Mohanlal is undoubtedly a great actor and a popular star. And with that comes immense responsibility.
For this reason, when he offers a take on demonetization, it generates immense public interest.
Mohanlal is entitled to his own views on any issue. But his blog post on demonetization and eulogies to prime minister Narendra Modi, despite camouflaging it by saying he doesn’t believe in hero worship but instead lauds ideas, is suspect by intention.
The suspicion first arises from the plain fact that not many people who stand in queues, which the superstar describes as a temporary hazard for the greater goal, have seen him standing in a queue.
Standing in a queue is in no way a mean act. But when you are forced to stand in a queue to take out your own money and then there are curbs on the amount withdrawn, it is only natural that you feel humiliated.
Because you are not withdrawing black money or, in other words, unaccounted money. You are there to withdraw your own hard-earned money.
There is no need to invoke nationalism subtly here, as Mohanlal, and many of the vociferous supporters of this demonetization drive, are doing.
Invoking nationalism to justify draconian curbs is a fascist tendency.
As a nation, we do not subscribe to that ethos.
And when making sweeping comments, a person like Mohanlal should know that the magnitude of the issue of black money – liquid cash does not constitute the major chunk of black money. Rather, that chunk is in the form of benami properties, gold etc. And in tax havens where the government of India does not have any jurisdiction.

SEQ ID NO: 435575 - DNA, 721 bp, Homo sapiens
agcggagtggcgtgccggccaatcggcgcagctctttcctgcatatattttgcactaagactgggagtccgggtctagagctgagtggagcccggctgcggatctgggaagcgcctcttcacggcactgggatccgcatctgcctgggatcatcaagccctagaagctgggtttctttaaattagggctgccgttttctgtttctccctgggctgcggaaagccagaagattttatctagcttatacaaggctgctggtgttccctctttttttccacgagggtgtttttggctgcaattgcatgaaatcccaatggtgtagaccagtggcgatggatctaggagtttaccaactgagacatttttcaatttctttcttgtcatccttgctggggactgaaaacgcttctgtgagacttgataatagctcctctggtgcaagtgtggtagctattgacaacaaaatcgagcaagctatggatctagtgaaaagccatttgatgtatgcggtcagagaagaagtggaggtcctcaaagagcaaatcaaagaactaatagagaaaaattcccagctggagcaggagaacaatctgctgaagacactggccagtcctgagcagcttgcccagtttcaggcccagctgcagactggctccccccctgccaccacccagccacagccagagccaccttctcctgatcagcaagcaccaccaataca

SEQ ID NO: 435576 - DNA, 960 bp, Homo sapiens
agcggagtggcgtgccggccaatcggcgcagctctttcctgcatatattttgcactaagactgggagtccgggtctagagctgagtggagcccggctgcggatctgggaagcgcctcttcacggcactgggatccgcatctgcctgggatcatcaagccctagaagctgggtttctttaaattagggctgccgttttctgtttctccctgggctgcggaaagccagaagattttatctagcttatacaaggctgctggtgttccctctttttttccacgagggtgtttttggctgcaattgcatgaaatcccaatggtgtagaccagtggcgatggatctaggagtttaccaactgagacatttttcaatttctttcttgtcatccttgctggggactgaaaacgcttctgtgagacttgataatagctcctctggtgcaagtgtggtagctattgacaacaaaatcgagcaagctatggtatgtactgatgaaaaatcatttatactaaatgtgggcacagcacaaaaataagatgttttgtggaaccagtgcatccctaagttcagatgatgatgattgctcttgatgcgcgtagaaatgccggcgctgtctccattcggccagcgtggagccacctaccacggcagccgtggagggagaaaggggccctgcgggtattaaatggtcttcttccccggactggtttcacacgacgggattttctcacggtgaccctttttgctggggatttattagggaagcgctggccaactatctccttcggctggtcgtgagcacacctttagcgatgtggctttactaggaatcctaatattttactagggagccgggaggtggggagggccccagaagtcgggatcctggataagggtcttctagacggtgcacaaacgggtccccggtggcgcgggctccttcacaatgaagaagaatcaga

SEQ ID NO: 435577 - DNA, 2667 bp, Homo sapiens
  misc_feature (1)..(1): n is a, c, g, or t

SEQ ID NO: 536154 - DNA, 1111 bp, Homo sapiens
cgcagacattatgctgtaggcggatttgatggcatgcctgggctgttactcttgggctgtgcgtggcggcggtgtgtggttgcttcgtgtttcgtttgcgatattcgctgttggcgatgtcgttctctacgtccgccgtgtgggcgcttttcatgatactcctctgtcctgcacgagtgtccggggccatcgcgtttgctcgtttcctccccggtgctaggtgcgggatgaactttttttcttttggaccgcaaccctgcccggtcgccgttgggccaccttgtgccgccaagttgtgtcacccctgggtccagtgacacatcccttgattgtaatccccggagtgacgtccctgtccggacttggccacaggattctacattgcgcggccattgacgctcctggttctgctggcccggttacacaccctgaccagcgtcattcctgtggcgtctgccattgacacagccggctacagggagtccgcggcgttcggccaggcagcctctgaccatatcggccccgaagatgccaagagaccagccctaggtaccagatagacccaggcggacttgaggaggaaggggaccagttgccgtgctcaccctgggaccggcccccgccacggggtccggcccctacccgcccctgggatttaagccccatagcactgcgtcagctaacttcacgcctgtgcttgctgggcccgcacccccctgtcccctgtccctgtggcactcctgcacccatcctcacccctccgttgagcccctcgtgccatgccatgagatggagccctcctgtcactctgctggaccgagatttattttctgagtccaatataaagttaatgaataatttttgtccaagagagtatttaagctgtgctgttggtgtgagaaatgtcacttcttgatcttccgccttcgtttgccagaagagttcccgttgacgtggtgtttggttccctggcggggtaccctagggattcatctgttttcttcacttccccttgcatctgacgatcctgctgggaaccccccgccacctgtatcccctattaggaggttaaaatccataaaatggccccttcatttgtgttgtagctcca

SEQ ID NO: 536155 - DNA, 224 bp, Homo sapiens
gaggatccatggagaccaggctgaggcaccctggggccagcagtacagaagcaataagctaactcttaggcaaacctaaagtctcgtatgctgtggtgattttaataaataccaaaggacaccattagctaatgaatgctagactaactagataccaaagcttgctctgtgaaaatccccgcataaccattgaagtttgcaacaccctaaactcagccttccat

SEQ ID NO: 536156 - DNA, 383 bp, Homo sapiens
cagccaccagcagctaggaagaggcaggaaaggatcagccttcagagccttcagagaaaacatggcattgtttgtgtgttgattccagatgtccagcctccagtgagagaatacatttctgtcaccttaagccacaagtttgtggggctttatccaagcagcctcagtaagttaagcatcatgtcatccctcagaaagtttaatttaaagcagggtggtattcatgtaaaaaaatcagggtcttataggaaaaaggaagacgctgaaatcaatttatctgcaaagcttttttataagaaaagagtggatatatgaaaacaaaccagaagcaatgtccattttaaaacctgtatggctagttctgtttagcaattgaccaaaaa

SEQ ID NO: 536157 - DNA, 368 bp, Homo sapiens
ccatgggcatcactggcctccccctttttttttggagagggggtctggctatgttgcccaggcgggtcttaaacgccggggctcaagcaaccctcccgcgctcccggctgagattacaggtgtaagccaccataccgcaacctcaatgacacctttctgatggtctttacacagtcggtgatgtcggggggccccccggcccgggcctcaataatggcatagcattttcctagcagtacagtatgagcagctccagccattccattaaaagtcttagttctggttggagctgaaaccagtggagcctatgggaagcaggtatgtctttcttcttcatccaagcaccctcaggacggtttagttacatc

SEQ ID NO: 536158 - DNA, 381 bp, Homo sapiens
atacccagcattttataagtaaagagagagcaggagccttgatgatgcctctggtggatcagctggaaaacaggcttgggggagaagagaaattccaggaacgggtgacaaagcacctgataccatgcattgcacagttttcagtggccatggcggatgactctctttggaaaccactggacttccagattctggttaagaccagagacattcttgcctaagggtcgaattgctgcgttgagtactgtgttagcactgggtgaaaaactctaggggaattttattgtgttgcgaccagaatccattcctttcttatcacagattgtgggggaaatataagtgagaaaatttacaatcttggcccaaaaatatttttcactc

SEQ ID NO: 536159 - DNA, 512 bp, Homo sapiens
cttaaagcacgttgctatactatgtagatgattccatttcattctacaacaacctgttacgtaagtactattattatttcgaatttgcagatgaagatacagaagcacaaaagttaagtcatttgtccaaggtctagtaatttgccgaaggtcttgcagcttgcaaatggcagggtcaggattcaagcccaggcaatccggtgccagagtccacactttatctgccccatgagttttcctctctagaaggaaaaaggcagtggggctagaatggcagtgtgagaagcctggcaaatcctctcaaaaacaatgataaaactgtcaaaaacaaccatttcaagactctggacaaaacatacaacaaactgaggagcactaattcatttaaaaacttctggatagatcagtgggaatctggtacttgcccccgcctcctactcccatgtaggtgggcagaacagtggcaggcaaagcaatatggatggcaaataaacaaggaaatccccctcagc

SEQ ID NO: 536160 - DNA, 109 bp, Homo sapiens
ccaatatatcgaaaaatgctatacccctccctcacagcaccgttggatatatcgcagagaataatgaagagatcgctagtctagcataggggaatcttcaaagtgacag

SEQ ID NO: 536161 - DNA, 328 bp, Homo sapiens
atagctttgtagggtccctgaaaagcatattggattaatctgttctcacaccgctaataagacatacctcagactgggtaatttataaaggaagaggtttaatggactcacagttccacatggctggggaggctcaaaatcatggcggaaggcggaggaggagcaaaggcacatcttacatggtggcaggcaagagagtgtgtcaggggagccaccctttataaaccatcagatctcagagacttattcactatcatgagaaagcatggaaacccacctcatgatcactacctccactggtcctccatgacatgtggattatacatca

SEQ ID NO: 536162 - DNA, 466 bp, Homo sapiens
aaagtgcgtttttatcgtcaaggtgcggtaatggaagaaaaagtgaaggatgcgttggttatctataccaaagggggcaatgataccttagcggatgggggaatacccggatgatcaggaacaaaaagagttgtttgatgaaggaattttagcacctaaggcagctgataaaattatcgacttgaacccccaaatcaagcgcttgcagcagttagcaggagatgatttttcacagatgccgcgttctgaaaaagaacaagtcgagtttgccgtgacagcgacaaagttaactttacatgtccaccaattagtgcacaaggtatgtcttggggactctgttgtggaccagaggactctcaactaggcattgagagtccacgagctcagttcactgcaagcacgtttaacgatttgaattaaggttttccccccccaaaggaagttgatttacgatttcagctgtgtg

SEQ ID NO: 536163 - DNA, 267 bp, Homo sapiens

Why is it that proclaimed defaulters are living a life of luxury in London and the Indian government is unable to point even an accusing finger at them? Is it because they belong to the ilk of celebs, a la Mohanlal?
If Mohanlal had indeed posted a blog against any one of these characters when they fled the rule of law to live in the lap of luxury, there would have been no room to suspect his intentions here. Unfortunately that is not the case.
Mohanlal’s blog post came from the sets of a movie, the director of which is a votary of the ruling party of India. The suspicion gets more robust here.
You need not be a war veteran to be a patriot. And you need not preach what you do not practice either.
Mohanlal, the popular icon, is revered, but not the preacher working at the behest of someone else.
Now, if Mohanlal indeed nurses political ambitions, and if that is what drove him to write the above-mentioned post, that is okay – only he needs to come clean on that.
Otherwise, these posts are suspect. Period.
(The views are personal)